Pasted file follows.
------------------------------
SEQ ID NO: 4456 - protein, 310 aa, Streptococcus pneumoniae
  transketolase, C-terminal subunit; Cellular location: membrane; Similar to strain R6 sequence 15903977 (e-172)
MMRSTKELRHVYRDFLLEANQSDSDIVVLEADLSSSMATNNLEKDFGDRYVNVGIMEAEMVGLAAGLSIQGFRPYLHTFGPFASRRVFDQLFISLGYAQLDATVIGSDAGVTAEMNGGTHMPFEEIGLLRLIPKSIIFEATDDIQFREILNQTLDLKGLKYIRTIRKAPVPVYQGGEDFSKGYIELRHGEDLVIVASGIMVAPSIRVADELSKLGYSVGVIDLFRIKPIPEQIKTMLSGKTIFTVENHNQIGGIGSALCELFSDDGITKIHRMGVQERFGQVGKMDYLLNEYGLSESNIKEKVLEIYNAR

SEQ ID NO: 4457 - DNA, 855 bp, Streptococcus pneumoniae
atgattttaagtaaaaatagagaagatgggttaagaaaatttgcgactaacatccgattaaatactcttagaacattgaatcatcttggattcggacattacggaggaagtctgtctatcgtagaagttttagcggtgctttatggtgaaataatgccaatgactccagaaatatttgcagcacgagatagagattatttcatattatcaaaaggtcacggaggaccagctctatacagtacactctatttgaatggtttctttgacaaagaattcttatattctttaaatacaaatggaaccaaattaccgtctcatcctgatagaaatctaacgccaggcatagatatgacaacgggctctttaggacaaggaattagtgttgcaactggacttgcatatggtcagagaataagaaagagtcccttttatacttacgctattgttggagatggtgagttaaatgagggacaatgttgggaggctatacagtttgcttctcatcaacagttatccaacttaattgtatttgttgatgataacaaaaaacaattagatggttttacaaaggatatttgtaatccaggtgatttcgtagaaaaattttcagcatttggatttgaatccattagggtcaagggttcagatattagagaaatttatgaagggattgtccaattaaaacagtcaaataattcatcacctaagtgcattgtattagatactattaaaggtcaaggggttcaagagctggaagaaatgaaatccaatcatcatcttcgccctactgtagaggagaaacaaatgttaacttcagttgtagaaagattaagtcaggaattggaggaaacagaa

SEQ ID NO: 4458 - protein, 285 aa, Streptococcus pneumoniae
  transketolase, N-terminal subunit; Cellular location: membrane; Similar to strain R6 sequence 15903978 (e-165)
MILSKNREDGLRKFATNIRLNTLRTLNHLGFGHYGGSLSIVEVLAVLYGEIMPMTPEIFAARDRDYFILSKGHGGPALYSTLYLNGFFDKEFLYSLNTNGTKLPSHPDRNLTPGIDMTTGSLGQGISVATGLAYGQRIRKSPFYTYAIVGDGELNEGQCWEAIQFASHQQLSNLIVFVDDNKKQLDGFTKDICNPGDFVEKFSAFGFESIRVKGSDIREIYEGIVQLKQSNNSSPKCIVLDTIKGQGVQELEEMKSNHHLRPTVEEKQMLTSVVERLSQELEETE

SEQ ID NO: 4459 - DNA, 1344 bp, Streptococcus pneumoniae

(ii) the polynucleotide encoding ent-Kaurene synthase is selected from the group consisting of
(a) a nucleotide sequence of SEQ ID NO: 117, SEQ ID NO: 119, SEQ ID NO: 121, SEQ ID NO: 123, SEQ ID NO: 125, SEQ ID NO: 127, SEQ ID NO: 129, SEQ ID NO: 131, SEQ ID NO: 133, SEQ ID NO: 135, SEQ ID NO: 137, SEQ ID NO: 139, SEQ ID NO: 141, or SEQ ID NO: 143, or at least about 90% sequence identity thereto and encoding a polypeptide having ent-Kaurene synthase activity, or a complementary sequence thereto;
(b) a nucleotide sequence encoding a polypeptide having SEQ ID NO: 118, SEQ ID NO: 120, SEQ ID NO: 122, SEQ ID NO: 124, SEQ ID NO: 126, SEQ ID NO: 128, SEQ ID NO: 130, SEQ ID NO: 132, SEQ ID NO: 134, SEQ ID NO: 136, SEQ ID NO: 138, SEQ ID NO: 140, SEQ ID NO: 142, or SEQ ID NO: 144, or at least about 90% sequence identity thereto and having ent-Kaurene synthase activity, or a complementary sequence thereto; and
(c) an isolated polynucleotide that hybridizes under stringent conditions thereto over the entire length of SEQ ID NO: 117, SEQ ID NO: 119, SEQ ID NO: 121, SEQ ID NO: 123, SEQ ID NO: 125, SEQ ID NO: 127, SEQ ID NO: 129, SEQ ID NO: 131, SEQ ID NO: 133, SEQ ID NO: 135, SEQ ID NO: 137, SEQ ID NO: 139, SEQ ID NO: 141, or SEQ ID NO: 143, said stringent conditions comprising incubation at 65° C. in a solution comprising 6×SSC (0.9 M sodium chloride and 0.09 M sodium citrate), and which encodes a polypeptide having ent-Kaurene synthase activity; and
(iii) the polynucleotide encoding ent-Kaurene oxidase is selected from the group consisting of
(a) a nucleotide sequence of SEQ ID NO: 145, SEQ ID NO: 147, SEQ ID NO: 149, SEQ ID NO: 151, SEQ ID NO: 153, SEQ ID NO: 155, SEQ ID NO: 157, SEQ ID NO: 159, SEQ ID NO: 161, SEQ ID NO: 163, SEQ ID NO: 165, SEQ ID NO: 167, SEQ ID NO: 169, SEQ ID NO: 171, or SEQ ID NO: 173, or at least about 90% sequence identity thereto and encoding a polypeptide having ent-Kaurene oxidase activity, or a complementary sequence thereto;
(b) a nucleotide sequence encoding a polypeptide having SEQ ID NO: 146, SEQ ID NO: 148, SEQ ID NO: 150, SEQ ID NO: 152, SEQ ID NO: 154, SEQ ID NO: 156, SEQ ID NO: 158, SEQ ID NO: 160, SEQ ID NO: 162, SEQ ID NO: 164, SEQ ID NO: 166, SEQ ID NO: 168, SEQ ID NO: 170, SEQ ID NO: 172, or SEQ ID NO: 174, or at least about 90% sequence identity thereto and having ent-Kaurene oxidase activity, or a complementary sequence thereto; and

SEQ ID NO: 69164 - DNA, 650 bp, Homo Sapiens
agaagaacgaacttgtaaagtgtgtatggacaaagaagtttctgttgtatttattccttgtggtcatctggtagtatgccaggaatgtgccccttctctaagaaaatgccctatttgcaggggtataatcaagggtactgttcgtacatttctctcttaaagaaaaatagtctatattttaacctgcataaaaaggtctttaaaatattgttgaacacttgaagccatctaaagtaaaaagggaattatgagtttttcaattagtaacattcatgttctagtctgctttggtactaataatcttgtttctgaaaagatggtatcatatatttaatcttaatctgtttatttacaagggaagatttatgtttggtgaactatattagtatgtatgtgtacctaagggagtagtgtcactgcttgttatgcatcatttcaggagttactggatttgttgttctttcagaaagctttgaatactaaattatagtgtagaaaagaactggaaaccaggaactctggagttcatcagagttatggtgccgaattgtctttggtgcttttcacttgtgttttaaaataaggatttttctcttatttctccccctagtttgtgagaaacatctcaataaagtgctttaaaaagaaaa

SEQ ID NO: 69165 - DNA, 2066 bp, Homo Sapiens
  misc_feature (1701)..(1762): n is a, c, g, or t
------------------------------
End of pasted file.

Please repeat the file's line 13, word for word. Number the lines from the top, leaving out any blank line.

(c) an isolated polynucleotide that hybridizes under stringent conditions thereto over the entire length of SEQ ID NO: 117, SEQ ID NO: 119, SEQ ID NO: 121, SEQ ID NO: 123, SEQ ID NO: 125, SEQ ID NO: 127, SEQ ID NO: 129, SEQ ID NO: 131, SEQ ID NO: 133, SEQ ID NO: 135, SEQ ID NO: 137, SEQ ID NO: 139, SEQ ID NO: 141, or SEQ ID NO: 143, said stringent conditions comprising incubation at 65° C. in a solution comprising 6×SSC (0.9 M sodium chloride and 0.09 M sodium citrate), and which encodes a polypeptide having ent-Kaurene synthase activity; and